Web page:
Carter had been instructed not to pursue McNeil if he fled in any direction other than the road to Fredericktown and Pilot Knob. However, Carter also disobeyed orders and indeed pursued McNeil to within four miles of Cape Girardeau, arriving mid-day on April 25. Carter then sent a letter to McNeil demanding the garrison’s surrender and a reply within 30 minutes. The letter was signed by Confederate Major General Sterling Price with the hope that his name would instill fear in McNeil that General Price was nearby. However, McNeil was confident in the strength of his defense and refused to surrender. Fearing an attack, Carter sent word of the situation to General Marmaduke, who then proceeded with Colonel Shelby’s column to reinforce Carter’s troops in any possible actions at Cape Girardeau.


In 1861 General Ulysses S. Grant approved the construction of four forts at strategic locations around the city of Cape Girardeau. They were named Forts A, B, C, and D. Fort A was positioned on a bluff overlooking the Mississippi River at the north edge of town and was meant to defend the city against Confederate gunboats on the river. Fort B was located on a hill now occupied by Southeast Missouri State University and was built to protect the city from enemy approaches on the Perryville Road and Jackson Road (now Broadway Avenue). Fort C was near the present intersection of South Ellis Street and Good Hope Street and guarded approaches on the Bloomfield Road, Gordonville Road (now Independence Street), and Commerce Road (now Sprigg Street).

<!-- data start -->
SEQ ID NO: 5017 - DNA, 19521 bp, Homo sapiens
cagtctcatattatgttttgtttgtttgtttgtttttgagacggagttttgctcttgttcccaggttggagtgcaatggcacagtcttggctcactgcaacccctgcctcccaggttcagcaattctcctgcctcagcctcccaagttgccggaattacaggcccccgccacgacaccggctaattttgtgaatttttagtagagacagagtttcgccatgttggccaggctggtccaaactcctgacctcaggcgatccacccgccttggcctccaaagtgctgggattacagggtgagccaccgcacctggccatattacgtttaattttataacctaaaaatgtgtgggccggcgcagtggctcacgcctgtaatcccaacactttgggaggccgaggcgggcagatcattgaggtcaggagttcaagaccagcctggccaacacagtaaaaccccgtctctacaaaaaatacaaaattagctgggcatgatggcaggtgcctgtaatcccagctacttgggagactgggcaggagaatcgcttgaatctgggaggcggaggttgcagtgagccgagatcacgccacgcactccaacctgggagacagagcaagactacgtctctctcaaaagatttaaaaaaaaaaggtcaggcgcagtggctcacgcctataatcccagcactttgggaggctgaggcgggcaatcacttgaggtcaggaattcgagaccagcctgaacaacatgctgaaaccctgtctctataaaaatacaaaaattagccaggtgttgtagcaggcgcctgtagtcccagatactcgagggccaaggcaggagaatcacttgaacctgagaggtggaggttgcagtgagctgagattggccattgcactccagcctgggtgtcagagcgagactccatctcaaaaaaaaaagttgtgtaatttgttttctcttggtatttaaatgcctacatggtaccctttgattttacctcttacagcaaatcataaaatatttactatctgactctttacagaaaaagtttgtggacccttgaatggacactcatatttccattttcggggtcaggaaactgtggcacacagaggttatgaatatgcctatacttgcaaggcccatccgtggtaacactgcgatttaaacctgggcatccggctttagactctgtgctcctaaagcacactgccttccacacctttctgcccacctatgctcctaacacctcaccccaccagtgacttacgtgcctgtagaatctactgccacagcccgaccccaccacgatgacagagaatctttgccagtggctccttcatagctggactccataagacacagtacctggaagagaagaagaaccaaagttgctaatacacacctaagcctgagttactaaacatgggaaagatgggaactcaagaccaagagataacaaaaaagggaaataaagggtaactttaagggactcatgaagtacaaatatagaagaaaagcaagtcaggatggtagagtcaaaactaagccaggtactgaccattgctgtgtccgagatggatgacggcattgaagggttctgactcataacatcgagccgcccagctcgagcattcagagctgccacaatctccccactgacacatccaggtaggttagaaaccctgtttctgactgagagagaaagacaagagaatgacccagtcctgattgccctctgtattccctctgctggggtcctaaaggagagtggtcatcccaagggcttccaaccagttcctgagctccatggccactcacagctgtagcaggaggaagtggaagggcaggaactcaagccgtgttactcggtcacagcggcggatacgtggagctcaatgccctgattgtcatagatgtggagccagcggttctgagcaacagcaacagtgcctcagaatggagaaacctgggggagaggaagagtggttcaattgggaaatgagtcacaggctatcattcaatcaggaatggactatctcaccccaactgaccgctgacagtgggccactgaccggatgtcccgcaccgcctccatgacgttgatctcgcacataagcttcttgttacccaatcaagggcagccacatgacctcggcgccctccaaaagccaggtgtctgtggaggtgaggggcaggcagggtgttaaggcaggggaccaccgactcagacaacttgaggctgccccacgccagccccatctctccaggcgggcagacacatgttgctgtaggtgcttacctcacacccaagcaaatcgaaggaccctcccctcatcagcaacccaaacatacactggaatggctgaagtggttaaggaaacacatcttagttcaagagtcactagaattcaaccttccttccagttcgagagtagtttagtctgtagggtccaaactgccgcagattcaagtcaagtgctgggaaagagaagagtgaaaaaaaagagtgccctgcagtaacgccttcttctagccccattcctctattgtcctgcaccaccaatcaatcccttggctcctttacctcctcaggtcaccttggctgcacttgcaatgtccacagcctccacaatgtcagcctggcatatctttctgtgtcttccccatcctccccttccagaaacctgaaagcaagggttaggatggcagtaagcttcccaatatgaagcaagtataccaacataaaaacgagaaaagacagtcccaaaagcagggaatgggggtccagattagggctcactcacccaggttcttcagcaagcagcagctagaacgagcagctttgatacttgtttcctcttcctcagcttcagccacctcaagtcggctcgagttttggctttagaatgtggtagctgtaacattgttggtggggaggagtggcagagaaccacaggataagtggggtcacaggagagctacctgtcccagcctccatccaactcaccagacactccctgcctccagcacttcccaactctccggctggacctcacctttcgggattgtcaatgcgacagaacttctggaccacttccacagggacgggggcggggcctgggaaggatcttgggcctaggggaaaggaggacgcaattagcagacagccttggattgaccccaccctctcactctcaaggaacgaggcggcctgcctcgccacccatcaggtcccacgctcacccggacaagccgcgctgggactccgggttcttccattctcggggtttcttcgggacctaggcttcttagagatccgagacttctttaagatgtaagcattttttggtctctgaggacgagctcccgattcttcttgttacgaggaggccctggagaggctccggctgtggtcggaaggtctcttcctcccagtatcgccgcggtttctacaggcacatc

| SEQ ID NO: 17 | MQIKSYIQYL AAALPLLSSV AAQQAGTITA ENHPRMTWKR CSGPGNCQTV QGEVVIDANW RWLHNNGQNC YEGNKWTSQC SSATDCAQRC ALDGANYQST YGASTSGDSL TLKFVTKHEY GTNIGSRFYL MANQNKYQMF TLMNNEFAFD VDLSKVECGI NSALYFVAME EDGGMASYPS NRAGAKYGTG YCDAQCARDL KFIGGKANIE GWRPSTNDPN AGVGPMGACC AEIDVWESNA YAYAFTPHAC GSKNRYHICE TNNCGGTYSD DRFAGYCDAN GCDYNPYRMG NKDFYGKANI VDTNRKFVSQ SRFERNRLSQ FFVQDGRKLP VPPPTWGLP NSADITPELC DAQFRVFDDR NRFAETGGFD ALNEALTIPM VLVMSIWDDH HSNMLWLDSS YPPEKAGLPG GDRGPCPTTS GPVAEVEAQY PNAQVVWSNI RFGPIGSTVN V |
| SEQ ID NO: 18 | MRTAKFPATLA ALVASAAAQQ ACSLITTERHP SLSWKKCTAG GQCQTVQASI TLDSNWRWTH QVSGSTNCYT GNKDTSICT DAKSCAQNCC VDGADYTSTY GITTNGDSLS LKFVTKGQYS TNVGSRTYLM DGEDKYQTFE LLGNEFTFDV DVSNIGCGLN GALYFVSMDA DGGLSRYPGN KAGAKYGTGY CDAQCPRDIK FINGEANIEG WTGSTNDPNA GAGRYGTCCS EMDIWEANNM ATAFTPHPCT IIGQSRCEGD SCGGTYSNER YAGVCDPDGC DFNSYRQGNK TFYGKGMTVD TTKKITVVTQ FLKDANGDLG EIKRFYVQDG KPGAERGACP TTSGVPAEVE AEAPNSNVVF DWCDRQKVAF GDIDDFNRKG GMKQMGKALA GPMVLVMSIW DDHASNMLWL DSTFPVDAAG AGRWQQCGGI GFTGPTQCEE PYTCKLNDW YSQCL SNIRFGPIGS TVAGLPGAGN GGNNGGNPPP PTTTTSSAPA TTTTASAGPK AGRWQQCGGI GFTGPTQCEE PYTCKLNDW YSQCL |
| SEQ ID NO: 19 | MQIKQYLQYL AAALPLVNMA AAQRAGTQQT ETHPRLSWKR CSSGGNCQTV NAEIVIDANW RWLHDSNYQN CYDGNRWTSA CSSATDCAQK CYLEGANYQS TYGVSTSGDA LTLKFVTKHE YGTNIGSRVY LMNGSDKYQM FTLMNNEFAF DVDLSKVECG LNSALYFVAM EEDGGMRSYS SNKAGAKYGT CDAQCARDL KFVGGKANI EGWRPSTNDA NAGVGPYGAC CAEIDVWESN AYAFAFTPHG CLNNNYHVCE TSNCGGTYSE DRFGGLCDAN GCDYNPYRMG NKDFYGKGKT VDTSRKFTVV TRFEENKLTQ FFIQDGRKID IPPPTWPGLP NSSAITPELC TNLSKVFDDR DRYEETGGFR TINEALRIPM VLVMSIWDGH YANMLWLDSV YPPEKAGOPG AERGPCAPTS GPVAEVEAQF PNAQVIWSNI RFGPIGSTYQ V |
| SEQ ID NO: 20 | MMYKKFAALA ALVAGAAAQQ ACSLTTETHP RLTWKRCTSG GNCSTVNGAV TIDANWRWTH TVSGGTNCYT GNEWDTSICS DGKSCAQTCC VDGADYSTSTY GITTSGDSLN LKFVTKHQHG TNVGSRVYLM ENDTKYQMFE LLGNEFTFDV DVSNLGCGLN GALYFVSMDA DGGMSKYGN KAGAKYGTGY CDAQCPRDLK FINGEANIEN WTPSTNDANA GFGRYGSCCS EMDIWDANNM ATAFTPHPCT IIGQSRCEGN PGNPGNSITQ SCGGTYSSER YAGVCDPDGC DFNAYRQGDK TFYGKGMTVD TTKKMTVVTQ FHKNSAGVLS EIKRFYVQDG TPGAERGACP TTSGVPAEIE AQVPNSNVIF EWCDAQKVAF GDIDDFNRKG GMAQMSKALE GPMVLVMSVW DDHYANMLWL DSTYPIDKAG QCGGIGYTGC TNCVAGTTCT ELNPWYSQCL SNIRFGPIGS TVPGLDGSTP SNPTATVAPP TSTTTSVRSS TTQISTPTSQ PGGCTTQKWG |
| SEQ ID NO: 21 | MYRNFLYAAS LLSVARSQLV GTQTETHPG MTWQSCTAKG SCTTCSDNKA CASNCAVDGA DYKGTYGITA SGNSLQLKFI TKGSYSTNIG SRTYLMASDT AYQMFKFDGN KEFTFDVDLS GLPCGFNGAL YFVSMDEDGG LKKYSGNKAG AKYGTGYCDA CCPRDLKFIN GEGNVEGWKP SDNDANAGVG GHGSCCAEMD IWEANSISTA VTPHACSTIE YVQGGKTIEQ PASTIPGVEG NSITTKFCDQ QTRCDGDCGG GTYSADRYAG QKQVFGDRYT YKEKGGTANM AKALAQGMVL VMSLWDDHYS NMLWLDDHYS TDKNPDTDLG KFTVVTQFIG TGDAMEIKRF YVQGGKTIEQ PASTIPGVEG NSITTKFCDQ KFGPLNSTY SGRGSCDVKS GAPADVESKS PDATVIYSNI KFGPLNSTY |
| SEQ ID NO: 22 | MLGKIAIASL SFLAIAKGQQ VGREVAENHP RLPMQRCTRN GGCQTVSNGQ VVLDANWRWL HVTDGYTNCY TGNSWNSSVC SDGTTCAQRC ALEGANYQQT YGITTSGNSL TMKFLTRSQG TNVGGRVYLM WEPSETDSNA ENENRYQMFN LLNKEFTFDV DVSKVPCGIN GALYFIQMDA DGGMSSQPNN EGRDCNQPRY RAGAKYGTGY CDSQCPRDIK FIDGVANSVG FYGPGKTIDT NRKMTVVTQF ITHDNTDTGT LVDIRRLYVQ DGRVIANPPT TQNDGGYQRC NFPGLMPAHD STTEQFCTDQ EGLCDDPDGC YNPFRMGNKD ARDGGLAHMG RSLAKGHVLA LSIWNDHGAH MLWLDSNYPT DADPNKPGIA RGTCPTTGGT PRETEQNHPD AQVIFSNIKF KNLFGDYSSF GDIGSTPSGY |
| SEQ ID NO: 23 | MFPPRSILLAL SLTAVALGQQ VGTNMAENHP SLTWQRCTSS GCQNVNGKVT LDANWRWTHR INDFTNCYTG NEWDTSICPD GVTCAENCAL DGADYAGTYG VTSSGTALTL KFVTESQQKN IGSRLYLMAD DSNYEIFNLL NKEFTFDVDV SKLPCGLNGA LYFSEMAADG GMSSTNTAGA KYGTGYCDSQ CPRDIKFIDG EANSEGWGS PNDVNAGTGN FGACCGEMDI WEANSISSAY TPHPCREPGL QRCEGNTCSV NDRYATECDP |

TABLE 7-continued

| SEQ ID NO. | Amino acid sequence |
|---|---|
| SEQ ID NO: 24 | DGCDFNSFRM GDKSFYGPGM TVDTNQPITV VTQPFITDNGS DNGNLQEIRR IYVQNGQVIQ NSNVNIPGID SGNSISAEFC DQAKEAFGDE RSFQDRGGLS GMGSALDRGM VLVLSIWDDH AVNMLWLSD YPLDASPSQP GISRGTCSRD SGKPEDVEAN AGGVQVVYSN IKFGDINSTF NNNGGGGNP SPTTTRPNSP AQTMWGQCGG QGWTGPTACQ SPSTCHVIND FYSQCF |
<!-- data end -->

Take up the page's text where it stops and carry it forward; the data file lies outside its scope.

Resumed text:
Fort D was located on a river bluff south of the city, and like Fort A, it was primarily a river defense. It was the largest and most important garrison in the region and is the only fort remaining in Cape Girardeau today. However, Fort D did not play an important role in the Battle of Cape Girardeau.

The Battle

On the night of April 25, in anticipation of the attack, General McNeil ordered the evacuation of women and children via steamboat to a safe location upriver. Also during the night two gunboats and a steamer arrived with additional troops to support McNeil’s forces.] With the gunboats in place McNeil did not foresee any threat from the Mississippi River side of the city, so he had cannons moved from Forts A and D along the river to Forts B and C on the western side of the city. In all, McNeil's forces totaled about 4,000 men, including supporting regiments from Iowa, Wisconsin, Nebraska, and Illinois, though it should be noted that some of these regiments may have arrived after the action had ended.